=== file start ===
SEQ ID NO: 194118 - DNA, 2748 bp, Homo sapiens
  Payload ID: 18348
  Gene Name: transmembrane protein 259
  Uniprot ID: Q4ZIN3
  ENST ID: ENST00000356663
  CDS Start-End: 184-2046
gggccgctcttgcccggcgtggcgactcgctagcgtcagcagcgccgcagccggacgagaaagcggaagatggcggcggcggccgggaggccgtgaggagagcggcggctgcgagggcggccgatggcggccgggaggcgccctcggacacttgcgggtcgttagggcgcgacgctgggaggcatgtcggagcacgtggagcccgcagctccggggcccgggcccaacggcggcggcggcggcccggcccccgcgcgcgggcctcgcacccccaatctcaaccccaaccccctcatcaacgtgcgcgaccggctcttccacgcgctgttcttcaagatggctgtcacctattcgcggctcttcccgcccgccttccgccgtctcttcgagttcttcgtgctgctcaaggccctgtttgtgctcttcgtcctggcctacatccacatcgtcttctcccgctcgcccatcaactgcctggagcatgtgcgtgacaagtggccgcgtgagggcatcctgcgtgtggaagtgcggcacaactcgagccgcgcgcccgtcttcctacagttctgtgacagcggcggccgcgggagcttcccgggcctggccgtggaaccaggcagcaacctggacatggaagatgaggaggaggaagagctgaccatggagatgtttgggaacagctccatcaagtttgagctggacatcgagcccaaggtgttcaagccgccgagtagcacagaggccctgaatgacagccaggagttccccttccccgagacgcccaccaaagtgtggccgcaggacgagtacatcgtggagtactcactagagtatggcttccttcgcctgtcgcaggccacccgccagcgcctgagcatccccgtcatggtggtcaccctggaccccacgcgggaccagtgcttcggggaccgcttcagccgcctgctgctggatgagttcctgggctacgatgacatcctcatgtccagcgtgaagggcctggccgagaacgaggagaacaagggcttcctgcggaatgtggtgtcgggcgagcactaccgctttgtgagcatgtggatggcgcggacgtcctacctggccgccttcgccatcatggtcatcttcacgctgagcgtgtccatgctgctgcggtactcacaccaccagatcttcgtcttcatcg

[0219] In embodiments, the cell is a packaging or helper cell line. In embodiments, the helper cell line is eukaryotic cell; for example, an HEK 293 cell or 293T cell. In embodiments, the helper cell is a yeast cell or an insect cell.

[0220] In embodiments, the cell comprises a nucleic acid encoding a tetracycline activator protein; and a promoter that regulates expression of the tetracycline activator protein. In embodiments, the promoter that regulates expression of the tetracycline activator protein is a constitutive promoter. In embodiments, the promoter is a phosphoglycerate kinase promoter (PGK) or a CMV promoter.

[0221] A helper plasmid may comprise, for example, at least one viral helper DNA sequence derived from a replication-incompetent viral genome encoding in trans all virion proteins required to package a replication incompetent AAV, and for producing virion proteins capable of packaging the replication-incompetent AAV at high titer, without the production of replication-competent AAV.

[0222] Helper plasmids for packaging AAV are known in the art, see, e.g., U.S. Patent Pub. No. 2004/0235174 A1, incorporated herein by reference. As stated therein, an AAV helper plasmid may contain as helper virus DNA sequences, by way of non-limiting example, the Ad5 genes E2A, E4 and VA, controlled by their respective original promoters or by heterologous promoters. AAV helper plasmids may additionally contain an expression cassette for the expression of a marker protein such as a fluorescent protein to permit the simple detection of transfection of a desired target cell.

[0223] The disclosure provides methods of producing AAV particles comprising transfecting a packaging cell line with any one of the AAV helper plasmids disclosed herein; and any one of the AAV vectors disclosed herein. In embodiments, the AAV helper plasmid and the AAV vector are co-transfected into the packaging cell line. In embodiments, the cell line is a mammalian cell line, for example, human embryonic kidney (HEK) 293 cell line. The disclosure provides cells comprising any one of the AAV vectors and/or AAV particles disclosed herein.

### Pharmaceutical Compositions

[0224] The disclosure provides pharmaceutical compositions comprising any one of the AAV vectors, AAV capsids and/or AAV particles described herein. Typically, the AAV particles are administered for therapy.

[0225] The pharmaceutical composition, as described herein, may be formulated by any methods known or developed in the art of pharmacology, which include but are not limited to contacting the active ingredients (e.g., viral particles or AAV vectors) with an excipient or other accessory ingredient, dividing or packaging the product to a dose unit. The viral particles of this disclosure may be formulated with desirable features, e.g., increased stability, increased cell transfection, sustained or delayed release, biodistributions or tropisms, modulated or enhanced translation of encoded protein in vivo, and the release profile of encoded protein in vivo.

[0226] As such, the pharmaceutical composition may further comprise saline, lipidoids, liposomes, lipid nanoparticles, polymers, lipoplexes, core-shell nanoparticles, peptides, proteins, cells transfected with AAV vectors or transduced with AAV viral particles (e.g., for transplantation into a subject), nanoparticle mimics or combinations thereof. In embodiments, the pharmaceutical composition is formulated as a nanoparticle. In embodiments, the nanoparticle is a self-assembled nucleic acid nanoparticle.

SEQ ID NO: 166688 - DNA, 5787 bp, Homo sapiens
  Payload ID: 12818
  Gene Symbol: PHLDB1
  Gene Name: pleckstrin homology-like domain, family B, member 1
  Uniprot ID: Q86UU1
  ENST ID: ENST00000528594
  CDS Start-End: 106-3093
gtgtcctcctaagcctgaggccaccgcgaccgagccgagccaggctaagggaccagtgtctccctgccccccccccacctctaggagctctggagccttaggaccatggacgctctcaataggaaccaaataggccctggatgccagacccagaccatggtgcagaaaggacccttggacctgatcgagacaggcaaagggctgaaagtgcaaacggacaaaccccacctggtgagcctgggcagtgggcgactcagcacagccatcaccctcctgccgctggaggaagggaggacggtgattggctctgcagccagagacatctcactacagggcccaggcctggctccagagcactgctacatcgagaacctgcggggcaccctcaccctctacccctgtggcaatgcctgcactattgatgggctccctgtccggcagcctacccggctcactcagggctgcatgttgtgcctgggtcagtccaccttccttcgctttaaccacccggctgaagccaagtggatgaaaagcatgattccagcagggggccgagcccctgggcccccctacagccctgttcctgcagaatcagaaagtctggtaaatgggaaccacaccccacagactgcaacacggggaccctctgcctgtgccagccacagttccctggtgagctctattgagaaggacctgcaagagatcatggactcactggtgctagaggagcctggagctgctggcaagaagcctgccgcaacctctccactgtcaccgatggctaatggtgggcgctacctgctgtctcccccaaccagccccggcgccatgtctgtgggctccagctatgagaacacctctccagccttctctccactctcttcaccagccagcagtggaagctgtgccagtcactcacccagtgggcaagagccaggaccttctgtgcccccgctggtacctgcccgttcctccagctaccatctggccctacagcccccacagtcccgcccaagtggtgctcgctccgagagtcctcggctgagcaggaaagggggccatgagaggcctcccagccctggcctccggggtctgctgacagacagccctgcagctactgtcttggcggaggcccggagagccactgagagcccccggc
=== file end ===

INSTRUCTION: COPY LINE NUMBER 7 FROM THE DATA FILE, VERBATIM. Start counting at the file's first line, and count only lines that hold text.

gggccgctcttgcccggcgtggcgactcgctagcgtcagcagcgccgcagccggacgagaaagcggaagatggcggcggcggccgggaggccgtgaggagagcggcggctgcgagggcggccgatggcggccgggaggcgccctcggacacttgcgggtcgttagggcgcgacgctgggaggcatgtcggagcacgtggagcccgcagctccggggcccgggcccaacggcggcggcggcggcccggcccccgcgcgcgggcctcgcacccccaatctcaaccccaaccccctcatcaacgtgcgcgaccggctcttccacgcgctgttcttcaagatggctgtcacctattcgcggctcttcccgcccgccttccgccgtctcttcgagttcttcgtgctgctcaaggccctgtttgtgctcttcgtcctggcctacatccacatcgtcttctcccgctcgcccatcaactgcctggagcatgtgcgtgacaagtggccgcgtgagggcatcctgcgtgtggaagtgcggcacaactcgagccgcgcgcccgtcttcctacagttctgtgacagcggcggccgcgggagcttcccgggcctggccgtggaaccaggcagcaacctggacatggaagatgaggaggaggaagagctgaccatggagatgtttgggaacagctccatcaagtttgagctggacatcgagcccaaggtgttcaagccgccgagtagcacagaggccctgaatgacagccaggagttccccttccccgagacgcccaccaaagtgtggccgcaggacgagtacatcgtggagtactcactagagtatggcttccttcgcctgtcgcaggccacccgccagcgcctgagcatccccgtcatggtggtcaccctggaccccacgcgggaccagtgcttcggggaccgcttcagccgcctgctgctggatgagttcctgggctacgatgacatcctcatgtccagcgtgaagggcctggccgagaacgaggagaacaagggcttcctgcggaatgtggtgtcgggcgagcactaccgctttgtgagcatgtggatggcgcggacgtcctacctggccgccttcgccatcatggtcatcttcacgctgagcgtgtccatgctgctgcggtactcacaccaccagatcttcgtcttcatcg